This paper examines causes of low wage in the sectors producing primary commodities in the maritime Southeast Asia from the perspective of ‘factorial terms of trade’ thesis. This thesis was proposed by W.A. Lewis to clarify the great divergence between the temperate zone and the tropical zone during the 19th century. In the first half of paper, we highlight two sources of labor supply during the 19th century: high population growth in the maritime Southeast Asia and large labor migration from South Asia. Particularly, we argue about the importance of high population growth. In the second half of paper, we analyze the low food productivity in the subsistence sectors of Southeast Asia, which was the opportunity cost for laborers in the primary commodities sector. Also, we touch on the issue of low food productivity in South Asia. Finally, we draw some implications for exploring the great divergence in the 19th century.

Changing Consumption and Trade Growth in Southeast Asia, c. 1800-1870

Atsushi Kobayashi

The paper explores the development of Southeast Asian trade during 1800-70 with special attention to the change of consumer goods’ imports. Since the early-modern period, Southeast Asian trade had been growing as a part of intra-Asian trade through importing luxurious goods from India and exporting native produces to China. After the 1820s, while British industrial cotton products began to be imported into Southeast Asia, the region sustained imports of Indian cotton textile owing to the local consumers’ preference to durable and traditional-patterned clothing. Consequently, the circulation of Indian cotton goods persisted until the early 1840s, and in the meantime, the regional market adjusted to the influx of British industrial products. Thus, the progressive shift of Southeast Asian imports from luxury to mass consumption goods took place, and it induced the expansion of commercial production in local livelihoods, which led to the remarkable growth of primary goods’ exports after 1870.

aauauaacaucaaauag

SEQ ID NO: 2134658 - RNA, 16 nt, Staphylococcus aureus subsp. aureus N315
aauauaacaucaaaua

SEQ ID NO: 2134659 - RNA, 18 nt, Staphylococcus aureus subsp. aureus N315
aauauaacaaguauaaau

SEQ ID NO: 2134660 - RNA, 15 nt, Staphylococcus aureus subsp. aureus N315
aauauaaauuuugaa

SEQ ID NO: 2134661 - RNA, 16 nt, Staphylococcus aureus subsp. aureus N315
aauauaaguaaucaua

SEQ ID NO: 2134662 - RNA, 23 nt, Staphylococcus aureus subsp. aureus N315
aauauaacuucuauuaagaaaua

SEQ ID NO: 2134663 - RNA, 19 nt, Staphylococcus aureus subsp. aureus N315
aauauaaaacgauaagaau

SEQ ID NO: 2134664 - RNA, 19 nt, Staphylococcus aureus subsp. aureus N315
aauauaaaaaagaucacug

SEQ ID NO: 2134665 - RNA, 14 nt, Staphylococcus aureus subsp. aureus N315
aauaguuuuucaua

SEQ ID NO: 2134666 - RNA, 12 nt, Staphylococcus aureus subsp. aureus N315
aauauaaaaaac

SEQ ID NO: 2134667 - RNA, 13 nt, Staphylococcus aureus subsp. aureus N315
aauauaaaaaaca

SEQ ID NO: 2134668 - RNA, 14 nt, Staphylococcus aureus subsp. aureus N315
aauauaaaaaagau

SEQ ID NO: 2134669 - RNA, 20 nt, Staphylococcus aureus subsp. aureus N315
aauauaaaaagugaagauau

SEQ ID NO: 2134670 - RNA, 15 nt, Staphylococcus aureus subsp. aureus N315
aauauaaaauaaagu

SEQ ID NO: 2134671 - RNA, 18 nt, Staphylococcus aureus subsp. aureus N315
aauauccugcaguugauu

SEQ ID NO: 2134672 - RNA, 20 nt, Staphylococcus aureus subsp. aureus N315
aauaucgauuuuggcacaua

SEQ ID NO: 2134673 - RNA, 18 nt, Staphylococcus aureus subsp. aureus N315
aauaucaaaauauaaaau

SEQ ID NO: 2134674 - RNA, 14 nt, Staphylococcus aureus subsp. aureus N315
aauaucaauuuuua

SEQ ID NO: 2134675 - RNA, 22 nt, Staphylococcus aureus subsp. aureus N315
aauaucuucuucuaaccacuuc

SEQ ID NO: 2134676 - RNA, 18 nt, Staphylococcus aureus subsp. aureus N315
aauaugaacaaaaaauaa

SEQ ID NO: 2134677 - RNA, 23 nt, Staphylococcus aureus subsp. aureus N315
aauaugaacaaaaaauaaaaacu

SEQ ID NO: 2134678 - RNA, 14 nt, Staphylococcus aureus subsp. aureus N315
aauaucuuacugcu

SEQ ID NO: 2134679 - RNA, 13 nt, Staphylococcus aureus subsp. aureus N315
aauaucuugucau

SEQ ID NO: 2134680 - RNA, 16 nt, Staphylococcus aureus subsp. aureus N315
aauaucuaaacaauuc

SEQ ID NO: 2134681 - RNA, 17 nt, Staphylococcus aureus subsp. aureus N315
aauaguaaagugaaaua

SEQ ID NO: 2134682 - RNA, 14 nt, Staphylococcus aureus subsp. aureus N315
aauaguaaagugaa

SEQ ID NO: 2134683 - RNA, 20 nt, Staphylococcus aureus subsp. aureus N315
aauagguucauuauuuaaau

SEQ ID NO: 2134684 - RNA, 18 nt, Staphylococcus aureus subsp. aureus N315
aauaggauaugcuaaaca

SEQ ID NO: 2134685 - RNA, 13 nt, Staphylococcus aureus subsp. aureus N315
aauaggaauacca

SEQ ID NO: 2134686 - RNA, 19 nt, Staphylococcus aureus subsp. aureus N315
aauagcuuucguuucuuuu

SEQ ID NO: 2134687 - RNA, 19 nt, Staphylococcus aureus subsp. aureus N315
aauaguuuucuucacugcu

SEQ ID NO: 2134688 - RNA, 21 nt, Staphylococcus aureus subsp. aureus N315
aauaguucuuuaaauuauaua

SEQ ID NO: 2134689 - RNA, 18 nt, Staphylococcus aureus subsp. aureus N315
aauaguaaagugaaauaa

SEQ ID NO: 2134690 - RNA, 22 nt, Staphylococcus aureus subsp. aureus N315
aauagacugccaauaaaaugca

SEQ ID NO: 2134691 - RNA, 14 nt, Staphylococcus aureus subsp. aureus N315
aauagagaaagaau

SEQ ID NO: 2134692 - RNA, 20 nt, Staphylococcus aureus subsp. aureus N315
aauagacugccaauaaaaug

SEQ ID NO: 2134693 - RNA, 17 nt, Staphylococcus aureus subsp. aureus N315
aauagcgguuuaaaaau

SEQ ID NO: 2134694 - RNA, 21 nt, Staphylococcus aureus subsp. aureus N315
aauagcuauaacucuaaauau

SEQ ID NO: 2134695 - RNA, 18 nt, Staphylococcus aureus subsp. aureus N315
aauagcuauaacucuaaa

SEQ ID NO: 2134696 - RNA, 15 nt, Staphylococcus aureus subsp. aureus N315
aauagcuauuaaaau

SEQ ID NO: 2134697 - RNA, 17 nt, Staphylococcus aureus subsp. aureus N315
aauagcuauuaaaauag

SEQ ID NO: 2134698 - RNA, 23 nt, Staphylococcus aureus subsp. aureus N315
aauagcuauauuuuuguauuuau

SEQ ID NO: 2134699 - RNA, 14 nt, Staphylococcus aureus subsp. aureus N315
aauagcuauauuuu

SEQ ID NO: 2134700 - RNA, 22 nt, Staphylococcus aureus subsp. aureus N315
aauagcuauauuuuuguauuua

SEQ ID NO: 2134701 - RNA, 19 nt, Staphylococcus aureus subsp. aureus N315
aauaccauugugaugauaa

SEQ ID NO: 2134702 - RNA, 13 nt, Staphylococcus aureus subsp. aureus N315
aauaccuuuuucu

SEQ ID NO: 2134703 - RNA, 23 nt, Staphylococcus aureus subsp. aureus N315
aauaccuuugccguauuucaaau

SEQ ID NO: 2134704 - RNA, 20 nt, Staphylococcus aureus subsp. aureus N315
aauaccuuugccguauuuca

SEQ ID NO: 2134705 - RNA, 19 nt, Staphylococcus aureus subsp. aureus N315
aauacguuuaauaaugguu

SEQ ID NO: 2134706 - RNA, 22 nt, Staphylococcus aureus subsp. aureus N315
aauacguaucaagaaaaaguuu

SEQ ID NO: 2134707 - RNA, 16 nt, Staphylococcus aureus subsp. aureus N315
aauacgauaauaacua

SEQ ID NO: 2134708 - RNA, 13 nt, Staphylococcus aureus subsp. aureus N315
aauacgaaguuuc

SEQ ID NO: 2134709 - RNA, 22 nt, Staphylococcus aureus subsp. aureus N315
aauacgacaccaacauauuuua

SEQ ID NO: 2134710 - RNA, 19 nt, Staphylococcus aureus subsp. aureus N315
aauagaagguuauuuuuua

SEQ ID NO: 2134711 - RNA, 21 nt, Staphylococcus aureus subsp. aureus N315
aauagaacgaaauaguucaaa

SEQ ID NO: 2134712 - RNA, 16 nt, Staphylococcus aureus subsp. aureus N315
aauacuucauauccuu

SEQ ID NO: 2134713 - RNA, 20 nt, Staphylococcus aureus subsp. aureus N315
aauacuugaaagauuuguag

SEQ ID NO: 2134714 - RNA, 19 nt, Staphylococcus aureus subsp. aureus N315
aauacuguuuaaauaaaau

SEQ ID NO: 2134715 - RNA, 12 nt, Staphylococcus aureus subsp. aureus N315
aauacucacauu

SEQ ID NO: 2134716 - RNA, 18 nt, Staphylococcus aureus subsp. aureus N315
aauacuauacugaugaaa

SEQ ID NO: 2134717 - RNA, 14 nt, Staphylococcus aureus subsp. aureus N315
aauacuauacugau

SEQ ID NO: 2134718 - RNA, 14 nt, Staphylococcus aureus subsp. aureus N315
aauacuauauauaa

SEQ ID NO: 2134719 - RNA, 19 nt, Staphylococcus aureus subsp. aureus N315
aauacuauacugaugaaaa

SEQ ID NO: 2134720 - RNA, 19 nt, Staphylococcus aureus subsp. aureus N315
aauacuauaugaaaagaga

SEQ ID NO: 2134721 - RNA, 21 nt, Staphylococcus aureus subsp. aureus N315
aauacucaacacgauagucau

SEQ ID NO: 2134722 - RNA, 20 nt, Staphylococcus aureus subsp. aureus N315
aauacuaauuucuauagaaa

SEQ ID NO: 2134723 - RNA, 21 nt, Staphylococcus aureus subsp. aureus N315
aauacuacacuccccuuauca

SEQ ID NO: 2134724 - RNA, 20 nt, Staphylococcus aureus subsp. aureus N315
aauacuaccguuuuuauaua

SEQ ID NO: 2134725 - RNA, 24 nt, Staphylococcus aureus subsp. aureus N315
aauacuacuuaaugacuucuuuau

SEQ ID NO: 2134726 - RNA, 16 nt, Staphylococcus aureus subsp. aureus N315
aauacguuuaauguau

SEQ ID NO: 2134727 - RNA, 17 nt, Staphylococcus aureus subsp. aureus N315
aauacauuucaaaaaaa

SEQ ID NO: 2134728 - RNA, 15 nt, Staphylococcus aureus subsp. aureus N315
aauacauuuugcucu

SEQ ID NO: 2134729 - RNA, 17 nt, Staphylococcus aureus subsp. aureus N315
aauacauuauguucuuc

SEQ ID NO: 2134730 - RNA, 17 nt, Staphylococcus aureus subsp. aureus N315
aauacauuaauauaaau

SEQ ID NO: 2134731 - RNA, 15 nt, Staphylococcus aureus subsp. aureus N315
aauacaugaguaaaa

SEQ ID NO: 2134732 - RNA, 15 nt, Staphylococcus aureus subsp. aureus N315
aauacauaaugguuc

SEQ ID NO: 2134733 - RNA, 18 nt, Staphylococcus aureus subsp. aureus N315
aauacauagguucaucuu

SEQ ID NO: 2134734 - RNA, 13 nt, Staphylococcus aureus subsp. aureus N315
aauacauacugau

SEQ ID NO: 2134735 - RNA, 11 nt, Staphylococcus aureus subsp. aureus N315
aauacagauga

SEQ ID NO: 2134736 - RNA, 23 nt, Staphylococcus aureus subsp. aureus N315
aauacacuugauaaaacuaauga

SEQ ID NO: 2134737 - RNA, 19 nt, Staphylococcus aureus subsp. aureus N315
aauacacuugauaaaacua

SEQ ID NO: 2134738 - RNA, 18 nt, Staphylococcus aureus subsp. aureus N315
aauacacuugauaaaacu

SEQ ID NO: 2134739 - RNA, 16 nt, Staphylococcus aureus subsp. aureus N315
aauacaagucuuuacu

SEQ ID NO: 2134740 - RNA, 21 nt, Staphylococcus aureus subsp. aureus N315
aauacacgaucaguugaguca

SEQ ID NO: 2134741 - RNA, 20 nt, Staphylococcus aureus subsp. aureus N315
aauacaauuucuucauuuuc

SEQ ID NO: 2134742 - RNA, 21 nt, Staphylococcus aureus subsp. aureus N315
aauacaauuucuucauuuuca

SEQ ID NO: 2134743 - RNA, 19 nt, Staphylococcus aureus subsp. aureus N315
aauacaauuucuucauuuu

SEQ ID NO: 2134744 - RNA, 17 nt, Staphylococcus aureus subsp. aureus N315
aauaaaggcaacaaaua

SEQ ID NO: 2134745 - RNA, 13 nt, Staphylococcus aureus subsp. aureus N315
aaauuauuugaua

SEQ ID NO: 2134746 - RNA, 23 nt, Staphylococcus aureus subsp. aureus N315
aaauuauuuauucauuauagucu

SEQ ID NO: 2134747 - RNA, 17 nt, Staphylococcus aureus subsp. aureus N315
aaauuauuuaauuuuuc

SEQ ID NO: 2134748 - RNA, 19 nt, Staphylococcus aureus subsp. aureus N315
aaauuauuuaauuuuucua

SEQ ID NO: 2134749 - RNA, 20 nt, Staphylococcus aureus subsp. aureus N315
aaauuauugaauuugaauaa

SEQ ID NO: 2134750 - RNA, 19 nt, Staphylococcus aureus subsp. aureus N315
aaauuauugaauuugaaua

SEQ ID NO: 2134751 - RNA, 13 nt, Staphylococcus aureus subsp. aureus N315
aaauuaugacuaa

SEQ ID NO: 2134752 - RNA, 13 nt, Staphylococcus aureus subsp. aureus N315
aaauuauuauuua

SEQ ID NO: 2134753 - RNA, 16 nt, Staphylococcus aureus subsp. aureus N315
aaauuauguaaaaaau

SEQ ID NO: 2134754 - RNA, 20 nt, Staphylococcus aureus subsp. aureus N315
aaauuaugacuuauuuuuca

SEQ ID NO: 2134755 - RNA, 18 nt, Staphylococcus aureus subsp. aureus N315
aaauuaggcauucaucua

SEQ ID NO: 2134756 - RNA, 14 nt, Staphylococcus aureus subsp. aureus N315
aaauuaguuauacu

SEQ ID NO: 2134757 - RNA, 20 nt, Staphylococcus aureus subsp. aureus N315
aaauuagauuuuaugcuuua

The paper explores the development of Southeast Asian trade during 1800-70 with special attention to the change of consumer goods’ imports. Since the early-modern period, Southeast Asian trade had been growing as a part of intra-Asian trade through importing luxurious goods from India and exporting native produces to China. After the 1820s, while British industrial cotton products began to be imported into Southeast Asia, the region sustained imports of Indian cotton textile owing to the local consumers’ preference to durable and traditional-patterned clothing. Consequently, the circulation of Indian cotton goods persisted until the early 1840s, and in the meantime, the regional market adjusted to the influx of British industrial products. Thus, the progressive shift of Southeast Asian imports from luxury to mass consumption goods took place, and it induced the expansion of commercial production in local livelihoods, which led to the remarkable growth of primary goods’ exports after 1870.

Maritime Traders and Trade Pattern in Transition in South Asia and Southeast Asia in 1780-1870

Ryuto Shimada

The maritime trade in the Indian Ocean and the Southern China Sea changed on a large scale from the late eighteenth century to the mid-nineteenth century. The Dutch East India Company was losing its power to control the maritime trading order in Asian waters, Western private traders as well as Asian indigenous traders rose their presence in Asian maritime trade in the course of time. In reflection to these changes in traders, the trading pattern also changed during this crucial period. While the British cotton textile inflows and the Asian primary products for the European market increased, intra-Asian trade and local trade grew up mostly due to the high demand of the Chinese economy for Southeast Asia products. All these changes prepared for the dynamic modern trade and economy in maritime Asia after 1870.

The maritime trade in the Indian Ocean and the Southern China Sea changed on a large scale from the late eighteenth century to the mid-nineteenth century. The Dutch East India Company was losing its power to control the maritime trading order in Asian waters, Western private traders as well as Asian indigenous traders rose their presence in Asian maritime trade in the course of time. In reflection to these changes in traders, the trading pattern also changed during this crucial period. While the British cotton textile inflows and the Asian primary products for the European market increased, intra-Asian trade and local trade grew up mostly due to the high demand of the Chinese economy for Southeast Asia products. All these changes prepared for the dynamic modern trade and economy in maritime Asia after 1870.